How diabetes may promote tooth decay

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In a study from Rutgers University, scientists found out why people with both type 1 and type 2 diabetes are prone to tooth decay.

The findings point to reduced strength and durability of enamel and dentin, the hard substance under enamel that gives structure to teeth.

In the study, researchers induced type 1 diabetes in 35 mice and compared their teeth with those of 35 healthy controls over 28 weeks.

Although the two groups started with comparable teeth, enamel grew much softer in the diabetic mice after 12 weeks, and the gap continued to widen throughout the study.

Big differences in dentin microhardness arose by week 28.

Scientists have long seen elevated rates of cavity formation and tooth loss in patients with diabetes. Treatments such as fillings do not last as long in such patients, but they did not know exactly why.

The study advances a multiyear effort from the researchers to understand how diabetes affects dental health and to develop treatments that counter its negative impact.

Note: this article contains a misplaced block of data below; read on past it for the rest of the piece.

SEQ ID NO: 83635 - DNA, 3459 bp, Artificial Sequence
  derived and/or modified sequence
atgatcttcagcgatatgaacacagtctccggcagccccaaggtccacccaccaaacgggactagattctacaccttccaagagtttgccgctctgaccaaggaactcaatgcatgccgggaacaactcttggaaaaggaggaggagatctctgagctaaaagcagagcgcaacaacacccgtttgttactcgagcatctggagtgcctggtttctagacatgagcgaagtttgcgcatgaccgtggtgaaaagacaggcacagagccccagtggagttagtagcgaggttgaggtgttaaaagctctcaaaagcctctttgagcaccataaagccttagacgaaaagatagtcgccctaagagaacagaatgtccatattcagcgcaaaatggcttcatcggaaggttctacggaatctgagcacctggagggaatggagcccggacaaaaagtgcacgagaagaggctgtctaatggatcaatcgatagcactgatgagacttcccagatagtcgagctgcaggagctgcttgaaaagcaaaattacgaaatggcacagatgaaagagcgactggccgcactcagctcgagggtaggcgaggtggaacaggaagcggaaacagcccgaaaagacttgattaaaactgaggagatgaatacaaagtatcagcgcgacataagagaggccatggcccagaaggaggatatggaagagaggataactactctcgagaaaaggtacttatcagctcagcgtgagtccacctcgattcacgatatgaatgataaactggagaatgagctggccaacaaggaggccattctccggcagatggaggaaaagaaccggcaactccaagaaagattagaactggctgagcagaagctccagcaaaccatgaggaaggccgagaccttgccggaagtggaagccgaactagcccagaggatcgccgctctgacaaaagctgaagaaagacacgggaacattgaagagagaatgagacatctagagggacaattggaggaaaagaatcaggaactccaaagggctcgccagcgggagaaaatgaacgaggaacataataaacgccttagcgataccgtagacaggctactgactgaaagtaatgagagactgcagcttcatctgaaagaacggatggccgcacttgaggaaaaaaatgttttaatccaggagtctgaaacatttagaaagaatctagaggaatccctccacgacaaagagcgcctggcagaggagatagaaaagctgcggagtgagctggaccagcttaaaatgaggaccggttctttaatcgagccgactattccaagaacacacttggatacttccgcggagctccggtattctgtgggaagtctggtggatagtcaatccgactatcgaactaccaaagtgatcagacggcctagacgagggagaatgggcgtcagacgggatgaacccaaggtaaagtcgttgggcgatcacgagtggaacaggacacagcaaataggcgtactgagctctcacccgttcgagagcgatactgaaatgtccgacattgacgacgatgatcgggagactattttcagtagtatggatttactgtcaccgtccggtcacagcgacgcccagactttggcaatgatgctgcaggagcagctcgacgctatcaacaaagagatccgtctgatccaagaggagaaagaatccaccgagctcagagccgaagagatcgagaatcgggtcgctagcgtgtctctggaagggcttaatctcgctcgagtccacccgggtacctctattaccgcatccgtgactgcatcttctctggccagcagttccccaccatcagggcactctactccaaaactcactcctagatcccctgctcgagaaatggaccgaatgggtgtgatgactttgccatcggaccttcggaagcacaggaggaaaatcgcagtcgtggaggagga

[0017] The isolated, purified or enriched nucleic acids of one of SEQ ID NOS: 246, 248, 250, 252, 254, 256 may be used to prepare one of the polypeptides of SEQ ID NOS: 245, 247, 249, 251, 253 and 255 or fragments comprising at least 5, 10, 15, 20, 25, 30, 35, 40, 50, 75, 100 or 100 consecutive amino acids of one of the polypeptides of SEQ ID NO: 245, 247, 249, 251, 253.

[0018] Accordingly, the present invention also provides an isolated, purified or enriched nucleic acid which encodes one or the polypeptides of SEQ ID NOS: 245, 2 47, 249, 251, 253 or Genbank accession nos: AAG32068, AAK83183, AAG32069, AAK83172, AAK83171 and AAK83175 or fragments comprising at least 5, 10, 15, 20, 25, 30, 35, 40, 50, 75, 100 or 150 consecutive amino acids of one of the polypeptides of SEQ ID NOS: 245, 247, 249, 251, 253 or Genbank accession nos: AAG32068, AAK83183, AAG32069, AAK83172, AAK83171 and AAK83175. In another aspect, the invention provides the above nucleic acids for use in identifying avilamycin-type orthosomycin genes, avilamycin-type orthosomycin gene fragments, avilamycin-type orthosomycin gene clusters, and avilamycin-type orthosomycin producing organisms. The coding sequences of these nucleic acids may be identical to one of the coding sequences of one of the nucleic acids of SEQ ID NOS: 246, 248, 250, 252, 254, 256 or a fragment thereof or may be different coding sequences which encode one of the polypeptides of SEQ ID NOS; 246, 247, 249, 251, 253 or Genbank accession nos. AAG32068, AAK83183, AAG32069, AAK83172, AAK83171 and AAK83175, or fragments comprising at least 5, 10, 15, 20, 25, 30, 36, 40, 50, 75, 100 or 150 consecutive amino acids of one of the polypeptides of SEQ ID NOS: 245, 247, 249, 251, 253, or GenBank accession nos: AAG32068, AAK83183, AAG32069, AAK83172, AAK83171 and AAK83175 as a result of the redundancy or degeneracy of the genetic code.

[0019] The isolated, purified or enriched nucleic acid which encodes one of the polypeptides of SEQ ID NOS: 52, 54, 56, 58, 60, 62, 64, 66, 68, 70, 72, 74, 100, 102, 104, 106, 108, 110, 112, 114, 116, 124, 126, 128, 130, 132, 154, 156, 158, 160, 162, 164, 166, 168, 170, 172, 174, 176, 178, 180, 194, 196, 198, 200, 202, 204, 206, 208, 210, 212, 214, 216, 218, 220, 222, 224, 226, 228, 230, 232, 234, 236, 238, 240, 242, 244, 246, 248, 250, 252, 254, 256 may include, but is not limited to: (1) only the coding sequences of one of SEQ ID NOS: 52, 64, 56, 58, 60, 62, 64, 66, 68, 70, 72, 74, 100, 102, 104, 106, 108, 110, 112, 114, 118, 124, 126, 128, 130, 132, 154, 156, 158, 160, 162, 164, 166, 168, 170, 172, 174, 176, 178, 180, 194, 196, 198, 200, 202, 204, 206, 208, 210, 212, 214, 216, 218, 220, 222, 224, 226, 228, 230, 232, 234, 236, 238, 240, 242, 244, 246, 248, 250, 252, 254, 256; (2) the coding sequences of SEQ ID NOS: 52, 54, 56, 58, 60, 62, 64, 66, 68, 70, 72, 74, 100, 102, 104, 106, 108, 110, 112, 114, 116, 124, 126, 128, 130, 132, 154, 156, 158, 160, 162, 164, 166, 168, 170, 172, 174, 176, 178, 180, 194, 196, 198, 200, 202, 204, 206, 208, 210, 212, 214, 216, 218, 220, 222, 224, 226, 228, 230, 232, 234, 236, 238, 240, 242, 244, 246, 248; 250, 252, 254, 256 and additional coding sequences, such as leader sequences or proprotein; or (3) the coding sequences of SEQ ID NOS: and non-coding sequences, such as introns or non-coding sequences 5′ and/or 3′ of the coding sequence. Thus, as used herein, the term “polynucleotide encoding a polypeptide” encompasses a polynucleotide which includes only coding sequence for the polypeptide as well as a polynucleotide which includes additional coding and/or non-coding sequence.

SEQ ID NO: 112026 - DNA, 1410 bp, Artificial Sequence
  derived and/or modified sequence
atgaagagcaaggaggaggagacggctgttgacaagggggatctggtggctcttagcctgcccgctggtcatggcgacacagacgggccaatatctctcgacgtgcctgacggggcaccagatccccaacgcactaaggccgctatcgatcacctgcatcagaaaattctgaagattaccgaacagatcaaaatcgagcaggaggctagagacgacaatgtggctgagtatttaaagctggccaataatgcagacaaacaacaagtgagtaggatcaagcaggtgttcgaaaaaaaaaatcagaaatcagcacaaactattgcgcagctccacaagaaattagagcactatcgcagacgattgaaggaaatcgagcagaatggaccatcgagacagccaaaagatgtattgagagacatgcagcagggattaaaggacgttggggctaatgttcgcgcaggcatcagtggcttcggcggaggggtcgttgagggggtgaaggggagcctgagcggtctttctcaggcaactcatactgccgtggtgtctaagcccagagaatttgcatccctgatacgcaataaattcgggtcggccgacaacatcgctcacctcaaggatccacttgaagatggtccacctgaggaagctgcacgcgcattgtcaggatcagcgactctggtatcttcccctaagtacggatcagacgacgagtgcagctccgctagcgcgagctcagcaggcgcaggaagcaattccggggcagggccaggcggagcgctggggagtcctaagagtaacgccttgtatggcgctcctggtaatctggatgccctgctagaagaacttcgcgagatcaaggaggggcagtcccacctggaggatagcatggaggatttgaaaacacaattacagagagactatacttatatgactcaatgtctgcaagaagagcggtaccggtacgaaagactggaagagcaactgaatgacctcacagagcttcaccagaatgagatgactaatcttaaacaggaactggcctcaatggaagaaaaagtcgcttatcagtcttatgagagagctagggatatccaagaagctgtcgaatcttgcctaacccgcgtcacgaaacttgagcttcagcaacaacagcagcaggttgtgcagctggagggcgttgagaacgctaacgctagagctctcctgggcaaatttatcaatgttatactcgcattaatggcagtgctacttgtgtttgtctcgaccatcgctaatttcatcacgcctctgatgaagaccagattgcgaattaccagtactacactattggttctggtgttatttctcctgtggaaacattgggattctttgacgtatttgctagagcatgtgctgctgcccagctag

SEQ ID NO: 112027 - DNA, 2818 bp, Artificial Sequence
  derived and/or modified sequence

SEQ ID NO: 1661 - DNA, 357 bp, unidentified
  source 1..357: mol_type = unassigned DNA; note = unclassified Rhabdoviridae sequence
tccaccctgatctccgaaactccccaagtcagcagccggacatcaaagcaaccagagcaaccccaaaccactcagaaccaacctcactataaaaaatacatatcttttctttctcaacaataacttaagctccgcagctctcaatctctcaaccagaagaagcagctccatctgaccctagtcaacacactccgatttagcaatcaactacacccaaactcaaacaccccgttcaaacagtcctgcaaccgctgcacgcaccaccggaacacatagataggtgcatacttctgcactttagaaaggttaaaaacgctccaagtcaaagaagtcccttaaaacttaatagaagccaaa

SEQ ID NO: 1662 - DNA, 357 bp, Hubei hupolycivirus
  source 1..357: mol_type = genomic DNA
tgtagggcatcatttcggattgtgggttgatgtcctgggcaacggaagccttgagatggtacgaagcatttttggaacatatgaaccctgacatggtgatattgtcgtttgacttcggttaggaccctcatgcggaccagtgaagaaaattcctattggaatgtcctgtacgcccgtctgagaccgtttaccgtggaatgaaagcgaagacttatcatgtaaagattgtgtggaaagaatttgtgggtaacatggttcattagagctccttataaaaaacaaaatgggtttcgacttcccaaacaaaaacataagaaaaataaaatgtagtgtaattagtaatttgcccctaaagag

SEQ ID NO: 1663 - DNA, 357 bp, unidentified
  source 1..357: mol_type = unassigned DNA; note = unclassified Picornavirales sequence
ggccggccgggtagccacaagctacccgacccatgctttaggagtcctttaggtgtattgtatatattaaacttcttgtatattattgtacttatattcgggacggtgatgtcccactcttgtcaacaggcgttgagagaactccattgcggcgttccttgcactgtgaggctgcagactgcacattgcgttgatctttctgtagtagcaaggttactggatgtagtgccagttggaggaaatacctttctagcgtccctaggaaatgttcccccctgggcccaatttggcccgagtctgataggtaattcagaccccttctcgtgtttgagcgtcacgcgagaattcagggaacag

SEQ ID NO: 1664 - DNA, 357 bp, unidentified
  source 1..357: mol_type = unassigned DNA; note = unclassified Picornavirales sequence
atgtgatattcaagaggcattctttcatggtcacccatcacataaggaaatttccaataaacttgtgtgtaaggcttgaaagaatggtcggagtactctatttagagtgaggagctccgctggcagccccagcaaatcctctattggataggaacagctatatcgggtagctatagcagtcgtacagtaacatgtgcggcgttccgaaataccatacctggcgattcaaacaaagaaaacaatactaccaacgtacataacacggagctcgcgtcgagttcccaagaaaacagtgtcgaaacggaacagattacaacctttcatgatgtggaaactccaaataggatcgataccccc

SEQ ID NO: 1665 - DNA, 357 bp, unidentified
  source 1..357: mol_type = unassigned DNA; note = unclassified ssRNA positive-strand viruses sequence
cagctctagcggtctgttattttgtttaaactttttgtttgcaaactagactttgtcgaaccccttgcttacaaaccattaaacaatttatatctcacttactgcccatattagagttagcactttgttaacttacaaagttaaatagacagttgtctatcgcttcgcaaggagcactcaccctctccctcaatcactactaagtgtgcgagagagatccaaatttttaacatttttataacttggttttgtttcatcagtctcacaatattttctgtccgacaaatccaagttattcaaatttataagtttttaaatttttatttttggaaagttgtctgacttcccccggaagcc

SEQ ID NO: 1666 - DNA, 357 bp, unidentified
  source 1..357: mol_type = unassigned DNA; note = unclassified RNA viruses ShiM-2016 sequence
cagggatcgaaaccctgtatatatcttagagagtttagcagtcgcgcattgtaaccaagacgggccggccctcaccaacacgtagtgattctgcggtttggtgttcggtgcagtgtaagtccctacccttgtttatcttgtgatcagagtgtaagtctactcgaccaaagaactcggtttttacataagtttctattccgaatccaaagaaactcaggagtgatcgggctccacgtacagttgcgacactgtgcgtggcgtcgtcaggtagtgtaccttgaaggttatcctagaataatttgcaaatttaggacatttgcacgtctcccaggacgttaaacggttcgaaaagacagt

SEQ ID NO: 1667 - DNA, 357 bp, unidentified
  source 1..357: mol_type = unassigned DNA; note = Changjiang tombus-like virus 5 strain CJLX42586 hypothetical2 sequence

Previous studies have found that people with both types of diabetes have very elevated rates of most oral health issues, both in the teeth and the soft tissues that surround them.

The researchers have also shown that diabetes can interfere with the ongoing process of adding minerals to teeth as they wear away from normal usage.

If you care about tooth health, please read studies about tooth decay and gum disease, and how to prevent and reverse gum disease.

For more information about tooth health, please see recent studies about diabetes and gum disease, and results showing yogurt intake could help reduce tooth loss risk.

The study was conducted by Mohammad Ali Saghiri et al and published in the Archives of Oral Biology.

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